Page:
The Alliance for a Healthier Generation, a nonprofit founded by the American Heart Association and the Clinton Foundation, recently released its 2018 list of America’s Healthiest Schools.
A total of 461 schools, from 26 states and the District of Columbia made the list; 15 of those were in Illinois.
The Alliance, whose mission is to empower children to develop lifelong, healthy habits, created the Healthy Schools Program in 2006. Each recognized school also participates in the organization’s landmark Healthy Schools Program — one of the nation’s largest school-based childhood obesity prevention initiatives.
To earn this distinction, schools had to meet a set of criteria.
Among other things, these institutions had to prove they are serving nutritional meals and snacks, offering a daily breakfast, have students moving at least 60 minutes per week and are encouraging school leaders to be healthy role models.
Based on the standards achieved, each school received Bronze, Silver or Gold medals.
While optimistic, Illinois’ results indicate there’s room for improvement.
Eight Berwyn schools, along with four others in Piano, Sandwich and Summit, received Bronze medals. Two Chicago-based schools got Silver. Only one school was awarded a Gold medal: Northeast Elementary Magnet School in Danville.
Gold medals made a rare appearance on the list. Just 13 institutions in the United States received this distinction, which is three more than in 2017.
Northeast earned its medal thanks to a combination of strategies developed over the years. The school has a “no outside vendor food” policy and uses “My Plate” as a guide to serve well-balanced meals. Unlike other schools, annual fundraisers are centered around physical activities. There are no food or drinks sold or given as prizes at Northeast’s three fundraising events – Football Frenzy, Walk-A-Thon and Colorburst 5K.
“This is just the culture that has been set in this building and so the kids know that we are a health and wellness school,” said Northeast’s Principal Markesha Parker.
With a record of 67 schools on the list of America’s Healthiest Schools, the Los Angeles Unified School District (LAUSD) has a similar approach.
Lou Mardesich, Principal of Harry Bridges Span School in LA, said his school redefined fundraisers to set a healthy example for kids. Instead of cupcakes, a staple of school events, parents were asked to bring books and pencils for donation.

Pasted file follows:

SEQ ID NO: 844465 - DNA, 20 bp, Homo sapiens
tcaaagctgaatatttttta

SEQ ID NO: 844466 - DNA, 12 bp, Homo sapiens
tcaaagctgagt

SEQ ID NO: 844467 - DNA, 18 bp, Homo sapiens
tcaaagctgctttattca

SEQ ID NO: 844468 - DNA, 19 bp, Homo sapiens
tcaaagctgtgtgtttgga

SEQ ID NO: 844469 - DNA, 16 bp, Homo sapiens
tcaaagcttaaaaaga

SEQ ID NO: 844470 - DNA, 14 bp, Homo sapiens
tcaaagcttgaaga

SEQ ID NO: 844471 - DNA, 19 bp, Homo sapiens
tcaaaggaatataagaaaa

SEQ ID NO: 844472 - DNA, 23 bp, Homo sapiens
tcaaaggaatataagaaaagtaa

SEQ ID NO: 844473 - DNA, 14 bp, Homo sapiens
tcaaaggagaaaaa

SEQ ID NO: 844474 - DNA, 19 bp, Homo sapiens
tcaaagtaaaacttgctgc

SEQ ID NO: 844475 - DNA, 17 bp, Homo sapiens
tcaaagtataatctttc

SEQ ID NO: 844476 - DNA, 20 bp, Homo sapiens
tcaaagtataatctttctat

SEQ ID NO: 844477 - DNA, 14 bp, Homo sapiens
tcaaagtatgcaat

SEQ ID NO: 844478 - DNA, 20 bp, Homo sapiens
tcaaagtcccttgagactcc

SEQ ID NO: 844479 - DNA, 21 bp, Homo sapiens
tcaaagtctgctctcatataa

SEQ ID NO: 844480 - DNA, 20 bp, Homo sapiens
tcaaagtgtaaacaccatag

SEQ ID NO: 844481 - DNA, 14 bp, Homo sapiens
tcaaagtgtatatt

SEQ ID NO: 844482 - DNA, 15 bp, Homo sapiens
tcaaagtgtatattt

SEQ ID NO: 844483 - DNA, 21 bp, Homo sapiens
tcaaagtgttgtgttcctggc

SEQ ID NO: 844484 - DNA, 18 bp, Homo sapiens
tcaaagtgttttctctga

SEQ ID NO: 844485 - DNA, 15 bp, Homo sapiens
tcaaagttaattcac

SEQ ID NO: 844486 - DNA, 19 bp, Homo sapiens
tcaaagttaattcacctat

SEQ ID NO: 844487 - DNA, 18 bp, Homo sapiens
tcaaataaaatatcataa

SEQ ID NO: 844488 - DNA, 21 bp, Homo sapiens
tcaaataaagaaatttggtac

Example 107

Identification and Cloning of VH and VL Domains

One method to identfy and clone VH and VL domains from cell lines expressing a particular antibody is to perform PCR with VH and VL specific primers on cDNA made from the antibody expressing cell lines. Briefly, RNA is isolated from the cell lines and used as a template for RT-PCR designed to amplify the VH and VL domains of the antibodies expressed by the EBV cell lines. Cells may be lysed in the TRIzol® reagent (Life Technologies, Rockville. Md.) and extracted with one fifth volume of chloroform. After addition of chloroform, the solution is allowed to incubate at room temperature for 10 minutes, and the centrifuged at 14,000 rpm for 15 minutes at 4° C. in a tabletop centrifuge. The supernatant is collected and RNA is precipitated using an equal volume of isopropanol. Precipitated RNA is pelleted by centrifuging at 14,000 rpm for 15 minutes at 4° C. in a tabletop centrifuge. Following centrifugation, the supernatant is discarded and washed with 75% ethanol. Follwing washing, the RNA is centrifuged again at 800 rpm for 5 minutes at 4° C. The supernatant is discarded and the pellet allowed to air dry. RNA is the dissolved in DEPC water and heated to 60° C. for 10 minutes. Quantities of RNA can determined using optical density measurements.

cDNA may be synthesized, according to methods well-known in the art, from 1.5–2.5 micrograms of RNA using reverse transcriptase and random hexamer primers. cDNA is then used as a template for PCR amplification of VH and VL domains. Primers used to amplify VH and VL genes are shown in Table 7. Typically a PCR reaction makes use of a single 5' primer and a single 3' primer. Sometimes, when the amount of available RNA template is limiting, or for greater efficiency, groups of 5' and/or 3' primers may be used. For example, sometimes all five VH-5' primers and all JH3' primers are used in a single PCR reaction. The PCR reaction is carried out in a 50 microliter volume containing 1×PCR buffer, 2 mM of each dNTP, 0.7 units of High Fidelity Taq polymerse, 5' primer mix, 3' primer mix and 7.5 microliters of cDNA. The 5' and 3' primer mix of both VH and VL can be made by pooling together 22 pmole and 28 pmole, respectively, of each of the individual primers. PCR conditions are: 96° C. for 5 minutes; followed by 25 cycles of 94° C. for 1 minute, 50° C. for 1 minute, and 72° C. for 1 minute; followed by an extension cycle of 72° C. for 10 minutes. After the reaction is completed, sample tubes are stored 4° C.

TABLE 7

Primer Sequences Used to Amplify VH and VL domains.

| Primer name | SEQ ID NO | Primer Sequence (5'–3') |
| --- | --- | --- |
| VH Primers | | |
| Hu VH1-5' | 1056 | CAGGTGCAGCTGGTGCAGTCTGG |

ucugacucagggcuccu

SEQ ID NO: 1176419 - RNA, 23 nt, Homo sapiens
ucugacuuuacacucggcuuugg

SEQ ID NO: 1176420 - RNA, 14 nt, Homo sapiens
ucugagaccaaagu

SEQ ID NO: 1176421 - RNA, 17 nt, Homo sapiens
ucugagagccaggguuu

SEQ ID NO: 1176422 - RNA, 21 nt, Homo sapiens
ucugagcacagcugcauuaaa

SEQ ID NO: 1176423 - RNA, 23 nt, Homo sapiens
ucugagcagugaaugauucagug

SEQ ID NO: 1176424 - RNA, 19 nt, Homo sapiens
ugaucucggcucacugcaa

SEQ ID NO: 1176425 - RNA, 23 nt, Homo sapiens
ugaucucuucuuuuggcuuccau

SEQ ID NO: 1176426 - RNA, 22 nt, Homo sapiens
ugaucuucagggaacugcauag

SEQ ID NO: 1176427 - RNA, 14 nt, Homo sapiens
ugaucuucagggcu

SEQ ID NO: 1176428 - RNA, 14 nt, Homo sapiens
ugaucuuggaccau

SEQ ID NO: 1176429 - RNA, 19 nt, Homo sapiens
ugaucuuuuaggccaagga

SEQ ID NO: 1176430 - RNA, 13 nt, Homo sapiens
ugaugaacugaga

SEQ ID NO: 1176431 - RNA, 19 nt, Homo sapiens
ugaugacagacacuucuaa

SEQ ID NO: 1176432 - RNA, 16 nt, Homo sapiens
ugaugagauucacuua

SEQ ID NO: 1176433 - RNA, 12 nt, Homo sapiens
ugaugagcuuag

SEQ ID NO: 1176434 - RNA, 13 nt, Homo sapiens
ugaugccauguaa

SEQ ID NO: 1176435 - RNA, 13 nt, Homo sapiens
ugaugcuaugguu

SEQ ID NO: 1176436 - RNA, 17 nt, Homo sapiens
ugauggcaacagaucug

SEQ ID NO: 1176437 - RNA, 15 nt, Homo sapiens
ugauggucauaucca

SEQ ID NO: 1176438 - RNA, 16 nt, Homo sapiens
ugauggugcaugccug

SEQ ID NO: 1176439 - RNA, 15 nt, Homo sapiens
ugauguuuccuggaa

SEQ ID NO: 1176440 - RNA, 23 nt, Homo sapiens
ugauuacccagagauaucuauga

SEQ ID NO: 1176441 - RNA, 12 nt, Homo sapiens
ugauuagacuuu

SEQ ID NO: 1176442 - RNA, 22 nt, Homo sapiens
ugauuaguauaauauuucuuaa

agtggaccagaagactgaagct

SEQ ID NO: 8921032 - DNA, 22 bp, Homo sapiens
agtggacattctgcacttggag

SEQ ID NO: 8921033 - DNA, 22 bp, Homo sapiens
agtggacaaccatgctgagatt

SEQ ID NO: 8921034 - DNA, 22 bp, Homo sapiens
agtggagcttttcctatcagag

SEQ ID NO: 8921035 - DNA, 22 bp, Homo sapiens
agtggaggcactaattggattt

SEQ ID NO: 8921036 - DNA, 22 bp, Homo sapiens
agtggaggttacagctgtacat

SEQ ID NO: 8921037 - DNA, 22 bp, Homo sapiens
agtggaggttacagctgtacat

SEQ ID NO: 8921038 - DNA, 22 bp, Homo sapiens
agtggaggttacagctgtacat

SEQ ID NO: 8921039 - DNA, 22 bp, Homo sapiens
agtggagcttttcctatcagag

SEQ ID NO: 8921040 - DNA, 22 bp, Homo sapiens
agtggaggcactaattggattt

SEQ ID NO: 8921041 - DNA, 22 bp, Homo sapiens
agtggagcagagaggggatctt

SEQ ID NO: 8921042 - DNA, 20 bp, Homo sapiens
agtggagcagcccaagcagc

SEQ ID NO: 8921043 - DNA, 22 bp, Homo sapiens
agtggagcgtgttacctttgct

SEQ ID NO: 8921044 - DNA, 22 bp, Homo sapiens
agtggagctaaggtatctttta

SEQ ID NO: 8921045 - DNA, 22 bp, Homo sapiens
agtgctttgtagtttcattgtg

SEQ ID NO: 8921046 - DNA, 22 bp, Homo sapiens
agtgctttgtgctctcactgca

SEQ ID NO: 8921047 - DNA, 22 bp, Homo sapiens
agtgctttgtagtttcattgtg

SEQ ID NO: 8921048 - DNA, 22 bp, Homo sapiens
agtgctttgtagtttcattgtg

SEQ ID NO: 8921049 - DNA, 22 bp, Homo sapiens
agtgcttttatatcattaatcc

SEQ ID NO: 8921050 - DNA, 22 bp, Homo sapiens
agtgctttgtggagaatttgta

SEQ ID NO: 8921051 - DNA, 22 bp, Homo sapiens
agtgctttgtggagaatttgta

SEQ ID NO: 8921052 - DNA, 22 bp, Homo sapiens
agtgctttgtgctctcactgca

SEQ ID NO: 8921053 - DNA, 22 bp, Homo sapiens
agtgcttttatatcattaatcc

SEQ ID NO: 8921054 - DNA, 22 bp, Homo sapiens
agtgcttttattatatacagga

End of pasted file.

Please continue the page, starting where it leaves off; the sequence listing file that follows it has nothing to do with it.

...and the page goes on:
“It wasn’t an easy shift,” Mardesich admitted, but organizers made sure to equip participating schools with valuable tools such as nutritional databases and online trainings. Schools also got access to tens of health and education professionals.
Watch this video to see what a healthy school looks like, according to the Alliance.
These schools’ efforts are meant to create a more significant impact, beyond food and exercise. Several studies show that poor nutrition and sedentarism lead to low grades, and higher rates of absenteeism.
Children who suffer hunger in the first five years of life are more likely to lag behind for years to come. In contrast, children who eat a good breakfast do better in school, especially in math, and exhibit fewer behavior problems.
Children from low-income families are especially at risk.
More than 13 million children in the United States live in “food insecure” homes that fall below the poverty line. For them, school meals can make the difference between getting ahead in life and remaining stuck in poverty. Well-fed kids reach higher academic achievements which will later translate into better job opportunities, housing situations, and access to health care.
The fact that Illinois schools were recognized as some of the healthiest in the country helps offset the recent news about retired teachers.
The state can also boast about two more recent accomplishments regarding its students’ health.
Thanks to a new bill signed last year by Illinois Governor Bruce Rauner, students are now able to eat fresh fruits and vegetables grown right on their own campus. State Rep. Emanuel “Chris” Welch is trying to pass a bill that will provide grants to fund mental health professionals in Illinois public schools.